Creating Brand Joy. Disrupting With Purpose.
In today’s social media age, brands are created, shaped, resurrected and crowdsourced. But they can be brought down just as quickly by a rising tide of social comments. Control has shifted from big business to powerful consumers — with voices coming from the grassroots as a groundswell. Today, everyone’s an influencer and the legacy of consumer influence is long to linger.
Companies like Southwest and Chipotle have put customers at the core of their businesses and are innovating in their industries. They have a very strong sense of their brands’ vision and purpose, and every consumer touch-point supports and brings to life that mission. They regularly tap into the love of fans of their brand as a way to create new affinity. They also find that their consumers will defend and protect them in challenging times.
Ordinary consumers delight in the shakeup of the airline industry that companies like the Virgin Group and Southwest brought about, love the rebirth of Old Spice, smile to see Mini Coopers and Fiat 500s on the streets in revivals of their brands. These companies and their brands are the happy challengers in their categories: They disrupt the marketplace with positive purpose. And they tend to command consumer loyalty as a result. Their fans champion them when times are good, but also forgive them when times get tough.
What makes a brand evoke joy? The companies involved behave with energy and purpose. They have an unshakable sense of their organization’s DNA and worth — as well as the fundamental truths of their products. And they deliver this message in every single thing they do, from the sales experience, the physical design of their stores, the design of their packaging, the recruitment of employees, their human resources policies and, of course, their communications.
Creating brand joy and, correspondingly, the potential for brand forgiveness is especially important for digital companies. Some say a consumer forgives a poor sales experience in a store and chalks it up to an off day for the sales clerk.
But what’s the reaction to a poor online sales experience? This can affect all brand metrics, starting with likeability.
It all comes down to creating a positive articulation of the brand experience. Many companies have made errors or mistakes that create poor experiences for their existing consumers.
Look at the woes facing GM with its recalls and safety concerns. These issues need addressing in real time, transparently and openly. But GM must double down to find the core of its brand and make sure the company can articulate that throughout everything the organization does. Safety has to become a truth for the brand.
Getting to the core of a brand’s DNA entails deep reflection. It requires looking at how the company started and where it’s headed. Then the business owner must find the company’s unique role in its industry category and determine why that matters to its audience, looking deeply into the truths about the brand and evaluating what makes its products, services and offerings unique. The sum of this is the core of the brand.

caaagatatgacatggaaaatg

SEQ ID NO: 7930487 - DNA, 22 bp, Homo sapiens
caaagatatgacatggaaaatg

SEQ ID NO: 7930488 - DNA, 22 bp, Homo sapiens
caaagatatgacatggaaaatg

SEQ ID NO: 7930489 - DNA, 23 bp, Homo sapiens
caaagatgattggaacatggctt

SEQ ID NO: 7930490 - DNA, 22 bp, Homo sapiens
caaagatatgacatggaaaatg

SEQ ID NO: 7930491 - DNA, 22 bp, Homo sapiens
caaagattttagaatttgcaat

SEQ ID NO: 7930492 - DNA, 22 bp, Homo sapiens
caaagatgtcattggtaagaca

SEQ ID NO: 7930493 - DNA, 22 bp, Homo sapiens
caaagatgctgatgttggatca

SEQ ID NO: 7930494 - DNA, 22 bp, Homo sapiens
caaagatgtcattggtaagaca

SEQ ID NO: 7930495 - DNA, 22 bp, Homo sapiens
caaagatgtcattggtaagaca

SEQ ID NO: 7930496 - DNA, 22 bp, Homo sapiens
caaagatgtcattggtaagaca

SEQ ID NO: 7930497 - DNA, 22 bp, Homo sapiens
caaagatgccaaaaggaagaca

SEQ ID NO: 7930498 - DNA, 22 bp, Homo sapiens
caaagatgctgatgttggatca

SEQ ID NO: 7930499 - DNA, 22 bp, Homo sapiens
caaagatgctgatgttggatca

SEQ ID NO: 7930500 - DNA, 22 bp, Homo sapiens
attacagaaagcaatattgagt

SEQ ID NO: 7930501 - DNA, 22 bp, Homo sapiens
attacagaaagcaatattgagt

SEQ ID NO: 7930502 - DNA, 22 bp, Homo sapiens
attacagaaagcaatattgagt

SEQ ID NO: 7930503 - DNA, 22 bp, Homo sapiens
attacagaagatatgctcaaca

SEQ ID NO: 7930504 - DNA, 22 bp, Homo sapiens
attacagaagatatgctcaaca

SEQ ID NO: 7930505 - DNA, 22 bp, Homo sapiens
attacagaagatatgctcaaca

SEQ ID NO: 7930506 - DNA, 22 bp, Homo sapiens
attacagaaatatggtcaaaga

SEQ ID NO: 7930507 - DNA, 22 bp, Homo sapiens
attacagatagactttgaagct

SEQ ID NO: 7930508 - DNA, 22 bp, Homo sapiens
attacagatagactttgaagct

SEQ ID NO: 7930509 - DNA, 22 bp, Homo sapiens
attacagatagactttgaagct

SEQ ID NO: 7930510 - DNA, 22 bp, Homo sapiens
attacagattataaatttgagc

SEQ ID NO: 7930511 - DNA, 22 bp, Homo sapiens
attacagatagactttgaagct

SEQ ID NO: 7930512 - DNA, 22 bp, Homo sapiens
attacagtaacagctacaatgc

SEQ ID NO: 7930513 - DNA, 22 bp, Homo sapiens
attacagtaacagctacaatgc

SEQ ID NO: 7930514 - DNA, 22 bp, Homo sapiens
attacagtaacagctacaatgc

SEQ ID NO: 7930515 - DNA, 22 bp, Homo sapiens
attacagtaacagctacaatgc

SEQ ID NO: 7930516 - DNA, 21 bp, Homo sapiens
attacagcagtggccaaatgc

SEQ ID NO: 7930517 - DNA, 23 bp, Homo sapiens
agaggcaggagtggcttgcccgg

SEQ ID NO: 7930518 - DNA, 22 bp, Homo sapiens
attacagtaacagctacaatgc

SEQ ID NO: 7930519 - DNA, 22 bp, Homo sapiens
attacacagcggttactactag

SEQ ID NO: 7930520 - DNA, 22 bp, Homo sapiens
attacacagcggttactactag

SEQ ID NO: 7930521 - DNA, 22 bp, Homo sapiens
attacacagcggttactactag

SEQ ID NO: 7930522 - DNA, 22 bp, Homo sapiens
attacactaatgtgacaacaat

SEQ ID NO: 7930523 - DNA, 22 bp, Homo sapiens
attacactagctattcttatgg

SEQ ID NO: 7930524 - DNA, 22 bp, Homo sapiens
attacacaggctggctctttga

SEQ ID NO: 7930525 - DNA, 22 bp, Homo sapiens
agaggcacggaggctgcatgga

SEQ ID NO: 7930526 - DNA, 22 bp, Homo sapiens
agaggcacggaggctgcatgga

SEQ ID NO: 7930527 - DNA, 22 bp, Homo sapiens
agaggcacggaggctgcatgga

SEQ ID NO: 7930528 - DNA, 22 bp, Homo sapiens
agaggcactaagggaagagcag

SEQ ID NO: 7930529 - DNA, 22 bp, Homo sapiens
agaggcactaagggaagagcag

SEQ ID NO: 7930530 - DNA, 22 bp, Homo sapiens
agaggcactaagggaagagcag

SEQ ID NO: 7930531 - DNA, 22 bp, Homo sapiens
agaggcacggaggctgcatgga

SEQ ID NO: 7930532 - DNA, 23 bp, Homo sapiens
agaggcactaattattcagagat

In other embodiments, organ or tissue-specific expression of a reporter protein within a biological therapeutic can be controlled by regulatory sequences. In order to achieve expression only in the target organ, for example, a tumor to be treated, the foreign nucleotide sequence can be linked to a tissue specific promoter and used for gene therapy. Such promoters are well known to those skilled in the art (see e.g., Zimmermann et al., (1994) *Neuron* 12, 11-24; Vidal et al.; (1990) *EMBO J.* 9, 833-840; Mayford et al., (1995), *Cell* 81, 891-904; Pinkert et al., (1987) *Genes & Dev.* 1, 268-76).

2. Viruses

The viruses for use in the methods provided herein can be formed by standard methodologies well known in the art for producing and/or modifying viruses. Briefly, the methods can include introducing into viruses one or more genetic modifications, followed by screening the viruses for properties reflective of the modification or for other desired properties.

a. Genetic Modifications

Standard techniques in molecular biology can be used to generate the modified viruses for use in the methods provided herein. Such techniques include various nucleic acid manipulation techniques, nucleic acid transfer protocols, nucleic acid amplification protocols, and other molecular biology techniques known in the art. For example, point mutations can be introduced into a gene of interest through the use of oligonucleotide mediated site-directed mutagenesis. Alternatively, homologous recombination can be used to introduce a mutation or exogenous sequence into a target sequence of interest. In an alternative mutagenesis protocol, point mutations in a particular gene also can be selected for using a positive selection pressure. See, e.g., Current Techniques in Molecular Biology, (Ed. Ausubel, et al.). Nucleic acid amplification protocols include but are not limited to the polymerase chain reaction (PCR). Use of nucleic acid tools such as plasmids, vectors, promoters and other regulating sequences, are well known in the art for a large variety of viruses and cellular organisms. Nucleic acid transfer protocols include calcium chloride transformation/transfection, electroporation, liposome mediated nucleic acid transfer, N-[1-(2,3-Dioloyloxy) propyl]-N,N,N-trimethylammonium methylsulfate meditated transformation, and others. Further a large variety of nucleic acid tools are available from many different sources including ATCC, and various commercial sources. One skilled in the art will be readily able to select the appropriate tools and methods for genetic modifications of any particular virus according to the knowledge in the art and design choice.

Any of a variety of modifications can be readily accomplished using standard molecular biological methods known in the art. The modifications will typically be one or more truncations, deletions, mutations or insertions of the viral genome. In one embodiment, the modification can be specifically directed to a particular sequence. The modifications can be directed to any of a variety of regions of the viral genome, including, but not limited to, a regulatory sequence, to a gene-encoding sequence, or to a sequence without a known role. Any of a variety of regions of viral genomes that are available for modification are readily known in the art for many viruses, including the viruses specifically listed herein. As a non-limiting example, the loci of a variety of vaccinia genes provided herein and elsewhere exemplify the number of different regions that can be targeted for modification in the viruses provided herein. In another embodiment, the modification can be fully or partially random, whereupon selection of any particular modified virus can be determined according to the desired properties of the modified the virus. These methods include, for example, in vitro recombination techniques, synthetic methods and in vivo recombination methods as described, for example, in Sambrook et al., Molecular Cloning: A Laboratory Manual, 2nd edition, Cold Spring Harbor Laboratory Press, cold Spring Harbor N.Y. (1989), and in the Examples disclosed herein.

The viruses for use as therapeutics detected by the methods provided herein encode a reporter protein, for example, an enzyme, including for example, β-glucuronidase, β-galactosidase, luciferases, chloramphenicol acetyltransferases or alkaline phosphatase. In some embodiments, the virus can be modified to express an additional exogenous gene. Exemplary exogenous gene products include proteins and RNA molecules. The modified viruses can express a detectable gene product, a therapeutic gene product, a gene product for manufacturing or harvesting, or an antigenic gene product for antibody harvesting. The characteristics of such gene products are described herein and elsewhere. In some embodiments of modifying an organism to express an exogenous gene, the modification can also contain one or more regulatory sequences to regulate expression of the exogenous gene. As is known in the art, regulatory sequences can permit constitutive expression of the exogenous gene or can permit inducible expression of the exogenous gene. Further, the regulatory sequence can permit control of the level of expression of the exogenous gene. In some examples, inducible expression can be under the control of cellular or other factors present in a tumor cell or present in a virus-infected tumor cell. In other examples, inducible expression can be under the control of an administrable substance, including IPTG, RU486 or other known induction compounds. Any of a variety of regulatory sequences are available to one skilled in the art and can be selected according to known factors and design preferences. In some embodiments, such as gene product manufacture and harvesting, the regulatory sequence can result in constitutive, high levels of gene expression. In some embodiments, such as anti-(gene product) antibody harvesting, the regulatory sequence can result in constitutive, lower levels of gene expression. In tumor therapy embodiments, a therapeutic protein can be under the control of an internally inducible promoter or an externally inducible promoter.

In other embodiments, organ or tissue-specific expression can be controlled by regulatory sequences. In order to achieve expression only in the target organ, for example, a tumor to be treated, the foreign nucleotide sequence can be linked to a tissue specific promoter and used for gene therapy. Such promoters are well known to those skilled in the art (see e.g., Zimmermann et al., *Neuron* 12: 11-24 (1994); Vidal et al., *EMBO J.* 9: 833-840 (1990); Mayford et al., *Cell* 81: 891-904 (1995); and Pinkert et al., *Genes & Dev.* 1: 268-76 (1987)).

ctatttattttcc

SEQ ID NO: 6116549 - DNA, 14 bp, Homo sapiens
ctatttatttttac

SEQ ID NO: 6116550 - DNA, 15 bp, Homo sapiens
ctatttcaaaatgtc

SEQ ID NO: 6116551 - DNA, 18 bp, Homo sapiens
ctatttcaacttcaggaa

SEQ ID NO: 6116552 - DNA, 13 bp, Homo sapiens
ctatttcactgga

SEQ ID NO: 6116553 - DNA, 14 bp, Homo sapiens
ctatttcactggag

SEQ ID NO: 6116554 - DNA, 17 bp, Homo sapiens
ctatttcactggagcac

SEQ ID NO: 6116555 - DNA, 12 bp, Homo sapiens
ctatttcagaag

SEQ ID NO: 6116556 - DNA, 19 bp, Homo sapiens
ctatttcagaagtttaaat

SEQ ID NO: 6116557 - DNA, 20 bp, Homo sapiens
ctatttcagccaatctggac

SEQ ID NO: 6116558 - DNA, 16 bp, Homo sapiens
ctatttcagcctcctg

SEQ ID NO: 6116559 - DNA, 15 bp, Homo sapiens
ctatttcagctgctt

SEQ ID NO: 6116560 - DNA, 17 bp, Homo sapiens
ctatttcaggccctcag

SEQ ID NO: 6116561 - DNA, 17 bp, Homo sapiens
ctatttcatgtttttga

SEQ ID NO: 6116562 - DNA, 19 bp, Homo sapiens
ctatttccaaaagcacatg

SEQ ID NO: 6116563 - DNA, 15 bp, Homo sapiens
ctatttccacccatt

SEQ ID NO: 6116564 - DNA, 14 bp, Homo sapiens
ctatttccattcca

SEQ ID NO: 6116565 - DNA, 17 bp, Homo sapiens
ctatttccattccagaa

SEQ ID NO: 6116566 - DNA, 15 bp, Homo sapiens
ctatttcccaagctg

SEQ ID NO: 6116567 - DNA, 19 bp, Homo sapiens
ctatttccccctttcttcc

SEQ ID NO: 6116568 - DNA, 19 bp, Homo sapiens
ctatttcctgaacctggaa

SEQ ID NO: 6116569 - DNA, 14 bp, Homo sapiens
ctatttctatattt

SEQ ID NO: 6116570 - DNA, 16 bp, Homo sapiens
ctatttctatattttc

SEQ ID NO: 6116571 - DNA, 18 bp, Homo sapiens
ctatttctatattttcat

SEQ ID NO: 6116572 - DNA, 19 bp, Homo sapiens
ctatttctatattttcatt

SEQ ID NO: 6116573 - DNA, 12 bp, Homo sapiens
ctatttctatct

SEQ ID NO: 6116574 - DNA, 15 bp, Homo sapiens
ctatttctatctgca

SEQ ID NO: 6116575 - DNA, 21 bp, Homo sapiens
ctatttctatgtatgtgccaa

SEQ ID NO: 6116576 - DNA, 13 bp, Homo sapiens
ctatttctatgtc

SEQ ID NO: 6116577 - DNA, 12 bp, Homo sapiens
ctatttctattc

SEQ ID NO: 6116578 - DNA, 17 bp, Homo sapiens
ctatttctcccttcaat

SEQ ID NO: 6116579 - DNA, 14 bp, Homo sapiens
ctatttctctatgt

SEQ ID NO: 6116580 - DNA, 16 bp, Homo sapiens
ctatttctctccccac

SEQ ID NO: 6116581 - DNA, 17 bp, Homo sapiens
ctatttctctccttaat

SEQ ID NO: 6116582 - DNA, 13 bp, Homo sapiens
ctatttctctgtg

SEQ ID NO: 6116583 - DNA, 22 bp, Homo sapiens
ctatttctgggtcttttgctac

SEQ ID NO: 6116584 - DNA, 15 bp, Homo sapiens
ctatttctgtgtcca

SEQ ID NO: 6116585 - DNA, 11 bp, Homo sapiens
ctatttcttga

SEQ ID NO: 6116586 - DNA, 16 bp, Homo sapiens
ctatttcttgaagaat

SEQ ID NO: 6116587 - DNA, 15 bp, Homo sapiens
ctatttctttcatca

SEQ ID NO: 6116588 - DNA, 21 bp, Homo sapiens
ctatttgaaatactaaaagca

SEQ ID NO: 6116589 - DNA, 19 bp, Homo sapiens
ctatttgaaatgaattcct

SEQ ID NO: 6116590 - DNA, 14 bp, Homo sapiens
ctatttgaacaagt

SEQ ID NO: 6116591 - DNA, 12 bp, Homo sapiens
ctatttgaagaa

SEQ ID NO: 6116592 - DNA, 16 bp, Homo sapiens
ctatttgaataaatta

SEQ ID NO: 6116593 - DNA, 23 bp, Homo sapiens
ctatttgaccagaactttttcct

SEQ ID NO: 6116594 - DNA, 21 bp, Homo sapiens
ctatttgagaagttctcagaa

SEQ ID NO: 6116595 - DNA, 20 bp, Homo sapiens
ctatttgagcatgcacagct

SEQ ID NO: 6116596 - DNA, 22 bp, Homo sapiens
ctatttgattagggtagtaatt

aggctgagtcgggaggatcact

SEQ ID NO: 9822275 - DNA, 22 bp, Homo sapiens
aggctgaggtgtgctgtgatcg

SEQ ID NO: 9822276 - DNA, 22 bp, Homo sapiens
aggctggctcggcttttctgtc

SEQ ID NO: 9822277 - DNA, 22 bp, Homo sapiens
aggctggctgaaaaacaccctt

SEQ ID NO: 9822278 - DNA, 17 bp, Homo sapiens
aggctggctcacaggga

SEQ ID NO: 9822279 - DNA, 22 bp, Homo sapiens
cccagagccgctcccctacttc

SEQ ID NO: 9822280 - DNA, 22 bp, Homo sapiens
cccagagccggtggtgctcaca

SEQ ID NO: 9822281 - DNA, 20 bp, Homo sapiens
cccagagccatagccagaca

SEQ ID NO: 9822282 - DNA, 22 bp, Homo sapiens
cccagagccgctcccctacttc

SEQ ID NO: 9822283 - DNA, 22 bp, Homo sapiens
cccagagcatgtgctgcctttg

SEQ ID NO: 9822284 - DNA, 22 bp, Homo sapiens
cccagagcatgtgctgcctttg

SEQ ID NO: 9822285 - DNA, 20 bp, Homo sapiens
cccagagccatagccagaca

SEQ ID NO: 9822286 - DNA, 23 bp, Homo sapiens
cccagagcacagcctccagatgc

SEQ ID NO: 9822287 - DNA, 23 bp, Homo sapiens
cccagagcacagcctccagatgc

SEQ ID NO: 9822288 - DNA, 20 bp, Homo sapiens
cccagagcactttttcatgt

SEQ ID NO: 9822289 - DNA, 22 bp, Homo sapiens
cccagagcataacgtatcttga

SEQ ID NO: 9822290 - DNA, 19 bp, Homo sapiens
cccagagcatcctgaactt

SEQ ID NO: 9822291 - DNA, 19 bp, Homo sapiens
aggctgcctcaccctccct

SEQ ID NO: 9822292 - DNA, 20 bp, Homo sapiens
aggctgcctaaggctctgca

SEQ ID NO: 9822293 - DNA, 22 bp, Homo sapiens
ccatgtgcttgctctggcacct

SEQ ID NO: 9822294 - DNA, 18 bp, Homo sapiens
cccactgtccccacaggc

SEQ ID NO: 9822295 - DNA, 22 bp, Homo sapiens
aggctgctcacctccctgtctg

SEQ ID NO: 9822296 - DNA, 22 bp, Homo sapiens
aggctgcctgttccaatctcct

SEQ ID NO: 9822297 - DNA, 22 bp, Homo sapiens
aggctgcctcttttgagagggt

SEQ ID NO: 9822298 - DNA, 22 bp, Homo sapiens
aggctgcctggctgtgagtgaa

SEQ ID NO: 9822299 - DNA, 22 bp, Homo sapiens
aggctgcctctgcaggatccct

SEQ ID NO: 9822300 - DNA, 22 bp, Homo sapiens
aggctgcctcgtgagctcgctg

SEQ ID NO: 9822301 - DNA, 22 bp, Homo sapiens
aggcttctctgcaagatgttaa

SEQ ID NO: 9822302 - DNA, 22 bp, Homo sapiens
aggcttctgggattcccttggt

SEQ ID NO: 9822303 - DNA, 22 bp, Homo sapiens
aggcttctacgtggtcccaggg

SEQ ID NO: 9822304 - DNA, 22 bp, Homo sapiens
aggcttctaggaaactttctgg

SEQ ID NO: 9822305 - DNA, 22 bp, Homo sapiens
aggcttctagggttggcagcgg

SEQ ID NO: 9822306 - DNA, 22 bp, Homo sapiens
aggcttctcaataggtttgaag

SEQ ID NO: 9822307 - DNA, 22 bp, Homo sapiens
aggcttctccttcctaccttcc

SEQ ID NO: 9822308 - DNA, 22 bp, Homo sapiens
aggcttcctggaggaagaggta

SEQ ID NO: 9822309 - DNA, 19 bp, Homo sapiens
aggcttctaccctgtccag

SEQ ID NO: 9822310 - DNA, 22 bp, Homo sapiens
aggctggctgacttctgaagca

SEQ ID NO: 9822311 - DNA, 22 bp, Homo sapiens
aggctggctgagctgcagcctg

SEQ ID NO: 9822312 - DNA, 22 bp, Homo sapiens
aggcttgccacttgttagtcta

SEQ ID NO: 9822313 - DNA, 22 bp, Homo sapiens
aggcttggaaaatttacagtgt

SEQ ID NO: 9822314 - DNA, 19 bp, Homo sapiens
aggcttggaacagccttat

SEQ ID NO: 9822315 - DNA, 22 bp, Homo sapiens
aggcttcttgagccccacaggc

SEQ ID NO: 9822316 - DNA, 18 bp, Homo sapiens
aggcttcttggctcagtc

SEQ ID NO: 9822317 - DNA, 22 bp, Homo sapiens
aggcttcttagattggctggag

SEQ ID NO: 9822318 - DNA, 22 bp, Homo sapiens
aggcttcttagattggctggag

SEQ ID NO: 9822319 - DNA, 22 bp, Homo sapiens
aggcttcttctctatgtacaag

Interested in creating brand joy? Could your company use some brand forgiveness? Here are some ways to make it all happen:
1. Look within.
Your brand idea should be something that everyone in your company’s organization can identify with and be proud to support. Employees should feel just as joyful about your brand as your consumers do. External communications become far more effective when they reflect and align with the internal beliefs and everyday operations of a company.
2. Think deeply.
Get to the core of your company’s DNA through deep reflection. This requires looking at how the company started and where it’s headed. Then find the company’s unique role in its category (or beyond its category). Determine why that matters to the audience, looking deeply into the truths about the brands and evaluating what makes the products, services and offerings unique. Simply put, the concept of the brand needs to seek to disrupt with positive purpose.
3. Strive for change.
What is your role within your product or service category? Don’t follow. Set your own path. Look hard at what makes your company’s products unique and hone in on how you communicate it positively.
4. Everything the company does conveys a message.
The fundamental truth of why your company exists needs to be consistently brought to life in every single thing your company does including the sales experience, physical design of the stores, package design and the recruitment and human-resources policies. All touch points are opportunities for differentiation of the brand.
5. Give up (a little) control.
Consumers are more powerful than ever, and marketers and advertisers must respect their influence. Think of them as equals and as people, not just as drivers of big data sets and trend reports. Embrace how people can shape your company’s brand and encourage their participation.
6. Don’t be afraid to cut loose off-message programs.
Ruthlessly remove all activities and programs that don’t support your brand idea. Great companies focus, focus and focus some more. Overcommit to the core things your company does. Lose the rest.
7. Always question.
When considering your business and its brand right now, ask the following:
Do you have enough “brand joy” to survive a crisis?
What can you do to articulate your company’s purpose more strongly?
What are the behaviors that will set your company apart?
How can you behave like a happy challenger?
If you can answer these questions with confidence and take purposeful action, your company is on its way to a happy future.